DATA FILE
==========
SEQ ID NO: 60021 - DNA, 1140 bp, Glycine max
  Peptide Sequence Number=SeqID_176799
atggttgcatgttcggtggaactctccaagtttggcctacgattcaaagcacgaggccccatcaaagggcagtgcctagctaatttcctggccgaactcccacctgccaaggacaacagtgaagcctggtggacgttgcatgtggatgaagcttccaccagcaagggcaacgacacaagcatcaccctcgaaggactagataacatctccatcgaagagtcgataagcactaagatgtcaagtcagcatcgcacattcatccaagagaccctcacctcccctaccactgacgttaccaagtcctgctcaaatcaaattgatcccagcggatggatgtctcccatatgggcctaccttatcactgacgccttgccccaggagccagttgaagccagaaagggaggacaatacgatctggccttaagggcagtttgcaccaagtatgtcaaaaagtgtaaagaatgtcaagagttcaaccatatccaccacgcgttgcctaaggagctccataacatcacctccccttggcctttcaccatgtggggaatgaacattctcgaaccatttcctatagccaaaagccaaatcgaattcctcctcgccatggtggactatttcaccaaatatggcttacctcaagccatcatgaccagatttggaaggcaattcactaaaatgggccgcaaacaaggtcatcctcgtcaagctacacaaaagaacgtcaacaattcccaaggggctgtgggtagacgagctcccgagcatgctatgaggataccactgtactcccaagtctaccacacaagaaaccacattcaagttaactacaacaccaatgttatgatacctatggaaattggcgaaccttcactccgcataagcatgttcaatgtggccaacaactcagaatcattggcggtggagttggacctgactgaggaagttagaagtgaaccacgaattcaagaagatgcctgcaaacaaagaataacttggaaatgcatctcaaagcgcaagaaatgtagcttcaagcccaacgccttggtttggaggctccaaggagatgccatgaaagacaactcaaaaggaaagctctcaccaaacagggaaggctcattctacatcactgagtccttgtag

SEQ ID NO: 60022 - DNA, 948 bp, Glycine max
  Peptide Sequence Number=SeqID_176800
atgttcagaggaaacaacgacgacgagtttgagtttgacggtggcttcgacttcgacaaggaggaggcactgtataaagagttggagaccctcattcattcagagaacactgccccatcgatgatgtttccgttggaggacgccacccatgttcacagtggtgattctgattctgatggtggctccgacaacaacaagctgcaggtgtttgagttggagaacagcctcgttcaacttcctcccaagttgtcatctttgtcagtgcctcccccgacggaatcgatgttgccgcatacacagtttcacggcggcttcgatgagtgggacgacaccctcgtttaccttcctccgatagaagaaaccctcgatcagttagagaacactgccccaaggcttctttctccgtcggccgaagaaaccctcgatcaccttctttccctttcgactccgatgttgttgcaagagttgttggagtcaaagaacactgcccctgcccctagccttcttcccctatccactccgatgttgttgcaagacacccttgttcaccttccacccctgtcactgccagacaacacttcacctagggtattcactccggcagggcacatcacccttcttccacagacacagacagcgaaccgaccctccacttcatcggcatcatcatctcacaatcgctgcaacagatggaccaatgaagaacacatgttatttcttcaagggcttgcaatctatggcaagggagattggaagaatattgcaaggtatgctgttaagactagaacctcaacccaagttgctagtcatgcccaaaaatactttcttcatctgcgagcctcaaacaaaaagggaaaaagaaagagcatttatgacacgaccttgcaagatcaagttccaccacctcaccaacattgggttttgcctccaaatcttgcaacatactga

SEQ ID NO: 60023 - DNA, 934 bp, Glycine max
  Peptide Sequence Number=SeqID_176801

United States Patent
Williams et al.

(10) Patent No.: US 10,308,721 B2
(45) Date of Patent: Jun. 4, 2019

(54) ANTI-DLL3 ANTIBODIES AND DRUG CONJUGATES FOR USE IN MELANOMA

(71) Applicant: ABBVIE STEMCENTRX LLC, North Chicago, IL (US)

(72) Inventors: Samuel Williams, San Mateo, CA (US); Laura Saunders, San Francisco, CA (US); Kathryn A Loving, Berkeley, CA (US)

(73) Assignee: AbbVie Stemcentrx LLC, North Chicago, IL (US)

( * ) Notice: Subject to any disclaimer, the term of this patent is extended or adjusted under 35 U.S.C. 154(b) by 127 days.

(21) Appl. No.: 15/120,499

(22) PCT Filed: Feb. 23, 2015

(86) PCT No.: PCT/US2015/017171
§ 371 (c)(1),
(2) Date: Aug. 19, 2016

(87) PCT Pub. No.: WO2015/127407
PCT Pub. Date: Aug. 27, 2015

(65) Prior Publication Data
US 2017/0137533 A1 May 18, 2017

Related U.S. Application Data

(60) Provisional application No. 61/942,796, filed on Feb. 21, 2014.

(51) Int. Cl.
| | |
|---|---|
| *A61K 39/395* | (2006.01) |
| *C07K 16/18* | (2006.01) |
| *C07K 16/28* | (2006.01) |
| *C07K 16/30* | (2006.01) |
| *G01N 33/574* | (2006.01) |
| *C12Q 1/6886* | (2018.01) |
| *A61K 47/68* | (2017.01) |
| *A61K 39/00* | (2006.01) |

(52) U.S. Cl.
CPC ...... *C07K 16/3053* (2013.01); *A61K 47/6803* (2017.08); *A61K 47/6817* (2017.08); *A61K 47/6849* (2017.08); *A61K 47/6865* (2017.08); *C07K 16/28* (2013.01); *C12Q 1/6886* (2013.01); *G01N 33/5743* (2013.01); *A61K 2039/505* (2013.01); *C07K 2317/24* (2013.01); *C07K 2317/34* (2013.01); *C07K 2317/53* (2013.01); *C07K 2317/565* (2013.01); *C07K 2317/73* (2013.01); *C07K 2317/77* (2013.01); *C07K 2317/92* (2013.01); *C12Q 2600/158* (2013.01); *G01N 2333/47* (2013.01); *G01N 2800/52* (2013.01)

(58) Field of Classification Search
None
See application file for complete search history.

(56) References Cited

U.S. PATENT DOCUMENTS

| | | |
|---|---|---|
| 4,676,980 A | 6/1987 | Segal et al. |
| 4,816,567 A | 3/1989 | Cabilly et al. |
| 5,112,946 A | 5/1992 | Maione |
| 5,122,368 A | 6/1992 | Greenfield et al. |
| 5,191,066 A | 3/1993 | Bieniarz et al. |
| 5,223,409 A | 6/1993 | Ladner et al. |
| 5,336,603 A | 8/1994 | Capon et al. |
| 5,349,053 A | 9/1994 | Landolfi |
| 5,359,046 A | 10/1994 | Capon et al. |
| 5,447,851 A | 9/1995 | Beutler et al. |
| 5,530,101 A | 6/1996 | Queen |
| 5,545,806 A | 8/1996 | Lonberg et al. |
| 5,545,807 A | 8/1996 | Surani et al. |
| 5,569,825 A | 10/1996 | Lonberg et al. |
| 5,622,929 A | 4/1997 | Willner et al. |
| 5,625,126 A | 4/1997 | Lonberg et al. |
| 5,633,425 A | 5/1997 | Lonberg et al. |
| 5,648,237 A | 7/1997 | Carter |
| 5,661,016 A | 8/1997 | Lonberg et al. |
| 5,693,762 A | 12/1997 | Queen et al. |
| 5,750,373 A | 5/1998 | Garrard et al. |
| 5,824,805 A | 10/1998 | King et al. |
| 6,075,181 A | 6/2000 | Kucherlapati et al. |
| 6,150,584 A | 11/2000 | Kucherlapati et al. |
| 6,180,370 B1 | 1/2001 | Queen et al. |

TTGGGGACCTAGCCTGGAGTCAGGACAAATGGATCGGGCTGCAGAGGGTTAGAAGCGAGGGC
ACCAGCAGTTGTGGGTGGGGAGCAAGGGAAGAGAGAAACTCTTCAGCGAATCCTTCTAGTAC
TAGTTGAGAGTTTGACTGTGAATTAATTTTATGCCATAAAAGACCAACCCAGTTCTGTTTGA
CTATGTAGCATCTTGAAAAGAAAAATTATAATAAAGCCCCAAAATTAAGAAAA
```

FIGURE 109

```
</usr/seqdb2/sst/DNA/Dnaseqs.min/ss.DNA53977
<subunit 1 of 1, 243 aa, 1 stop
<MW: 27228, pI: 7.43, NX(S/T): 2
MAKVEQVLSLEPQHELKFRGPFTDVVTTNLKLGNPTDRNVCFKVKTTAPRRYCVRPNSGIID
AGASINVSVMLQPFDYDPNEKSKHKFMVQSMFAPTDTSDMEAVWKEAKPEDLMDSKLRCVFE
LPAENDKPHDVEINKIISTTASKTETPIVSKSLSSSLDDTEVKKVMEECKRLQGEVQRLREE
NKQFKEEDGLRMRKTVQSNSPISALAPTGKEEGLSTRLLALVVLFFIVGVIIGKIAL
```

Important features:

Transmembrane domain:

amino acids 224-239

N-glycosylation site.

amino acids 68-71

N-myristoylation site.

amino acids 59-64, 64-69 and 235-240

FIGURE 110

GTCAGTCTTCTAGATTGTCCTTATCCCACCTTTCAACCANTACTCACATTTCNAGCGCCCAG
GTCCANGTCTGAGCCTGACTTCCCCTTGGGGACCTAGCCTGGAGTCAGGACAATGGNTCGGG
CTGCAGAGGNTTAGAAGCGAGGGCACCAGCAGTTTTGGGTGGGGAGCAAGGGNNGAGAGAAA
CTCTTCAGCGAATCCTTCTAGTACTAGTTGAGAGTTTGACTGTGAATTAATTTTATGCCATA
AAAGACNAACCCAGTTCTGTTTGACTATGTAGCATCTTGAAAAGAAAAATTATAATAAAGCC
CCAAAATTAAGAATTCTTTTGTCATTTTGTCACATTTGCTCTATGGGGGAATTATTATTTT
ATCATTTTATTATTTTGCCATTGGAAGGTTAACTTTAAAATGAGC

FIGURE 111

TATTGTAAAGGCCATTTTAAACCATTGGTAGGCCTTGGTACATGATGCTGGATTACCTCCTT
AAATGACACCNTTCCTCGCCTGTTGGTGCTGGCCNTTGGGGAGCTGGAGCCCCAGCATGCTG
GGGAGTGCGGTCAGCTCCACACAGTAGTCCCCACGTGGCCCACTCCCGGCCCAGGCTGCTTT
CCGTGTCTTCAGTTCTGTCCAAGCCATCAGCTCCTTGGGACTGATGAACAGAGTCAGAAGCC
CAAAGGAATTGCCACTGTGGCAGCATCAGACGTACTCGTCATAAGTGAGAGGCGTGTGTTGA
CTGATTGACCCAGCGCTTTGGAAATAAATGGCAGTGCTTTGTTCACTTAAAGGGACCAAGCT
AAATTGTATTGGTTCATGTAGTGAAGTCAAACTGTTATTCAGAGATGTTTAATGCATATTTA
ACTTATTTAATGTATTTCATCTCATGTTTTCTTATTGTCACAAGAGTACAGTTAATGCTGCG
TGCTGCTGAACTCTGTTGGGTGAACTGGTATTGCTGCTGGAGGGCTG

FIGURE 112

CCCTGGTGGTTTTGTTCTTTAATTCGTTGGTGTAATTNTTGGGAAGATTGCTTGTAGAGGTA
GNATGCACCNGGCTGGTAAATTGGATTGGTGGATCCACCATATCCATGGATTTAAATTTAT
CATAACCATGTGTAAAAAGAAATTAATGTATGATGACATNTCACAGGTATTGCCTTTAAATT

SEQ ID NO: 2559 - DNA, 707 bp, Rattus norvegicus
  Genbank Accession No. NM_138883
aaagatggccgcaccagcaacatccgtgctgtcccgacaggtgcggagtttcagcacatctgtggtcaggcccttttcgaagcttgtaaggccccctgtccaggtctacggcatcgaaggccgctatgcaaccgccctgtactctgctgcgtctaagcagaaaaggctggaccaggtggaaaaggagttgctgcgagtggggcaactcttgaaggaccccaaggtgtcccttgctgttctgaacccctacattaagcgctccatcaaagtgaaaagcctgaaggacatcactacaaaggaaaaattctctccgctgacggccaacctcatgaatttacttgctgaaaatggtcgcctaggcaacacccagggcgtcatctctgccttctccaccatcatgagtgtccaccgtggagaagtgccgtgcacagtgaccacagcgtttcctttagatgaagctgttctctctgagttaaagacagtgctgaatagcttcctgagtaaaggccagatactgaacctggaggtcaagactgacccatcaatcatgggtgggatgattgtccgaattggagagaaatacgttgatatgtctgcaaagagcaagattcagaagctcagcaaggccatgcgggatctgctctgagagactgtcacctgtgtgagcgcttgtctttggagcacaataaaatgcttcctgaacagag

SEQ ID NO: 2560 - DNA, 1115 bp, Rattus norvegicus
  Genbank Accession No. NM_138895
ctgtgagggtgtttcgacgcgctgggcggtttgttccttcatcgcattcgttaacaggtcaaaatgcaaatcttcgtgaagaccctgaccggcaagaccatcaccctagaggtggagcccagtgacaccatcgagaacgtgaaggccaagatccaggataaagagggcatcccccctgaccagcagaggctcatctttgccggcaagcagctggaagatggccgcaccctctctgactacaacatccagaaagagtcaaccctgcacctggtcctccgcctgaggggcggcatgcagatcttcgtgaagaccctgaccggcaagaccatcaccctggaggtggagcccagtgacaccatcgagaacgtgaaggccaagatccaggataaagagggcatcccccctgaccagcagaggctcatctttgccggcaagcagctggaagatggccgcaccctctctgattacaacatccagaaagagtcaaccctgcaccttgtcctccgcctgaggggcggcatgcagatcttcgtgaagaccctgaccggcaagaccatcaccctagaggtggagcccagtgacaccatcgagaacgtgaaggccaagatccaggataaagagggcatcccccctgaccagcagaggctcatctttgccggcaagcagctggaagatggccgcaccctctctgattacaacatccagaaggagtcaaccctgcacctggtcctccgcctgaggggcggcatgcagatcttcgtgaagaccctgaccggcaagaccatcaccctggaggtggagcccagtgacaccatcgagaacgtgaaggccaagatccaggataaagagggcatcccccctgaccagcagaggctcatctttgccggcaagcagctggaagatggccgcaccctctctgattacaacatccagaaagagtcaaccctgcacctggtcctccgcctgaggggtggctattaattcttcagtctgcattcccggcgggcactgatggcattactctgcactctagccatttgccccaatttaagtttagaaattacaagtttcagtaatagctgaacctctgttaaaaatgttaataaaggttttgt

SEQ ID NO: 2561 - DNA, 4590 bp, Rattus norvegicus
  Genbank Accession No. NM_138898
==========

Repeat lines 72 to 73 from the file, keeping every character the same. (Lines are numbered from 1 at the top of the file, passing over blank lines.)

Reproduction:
| 6,150,584 A | 11/2000 | Kucherlapati et al. |
| 6,180,370 B1 | 1/2001 | Queen et al. |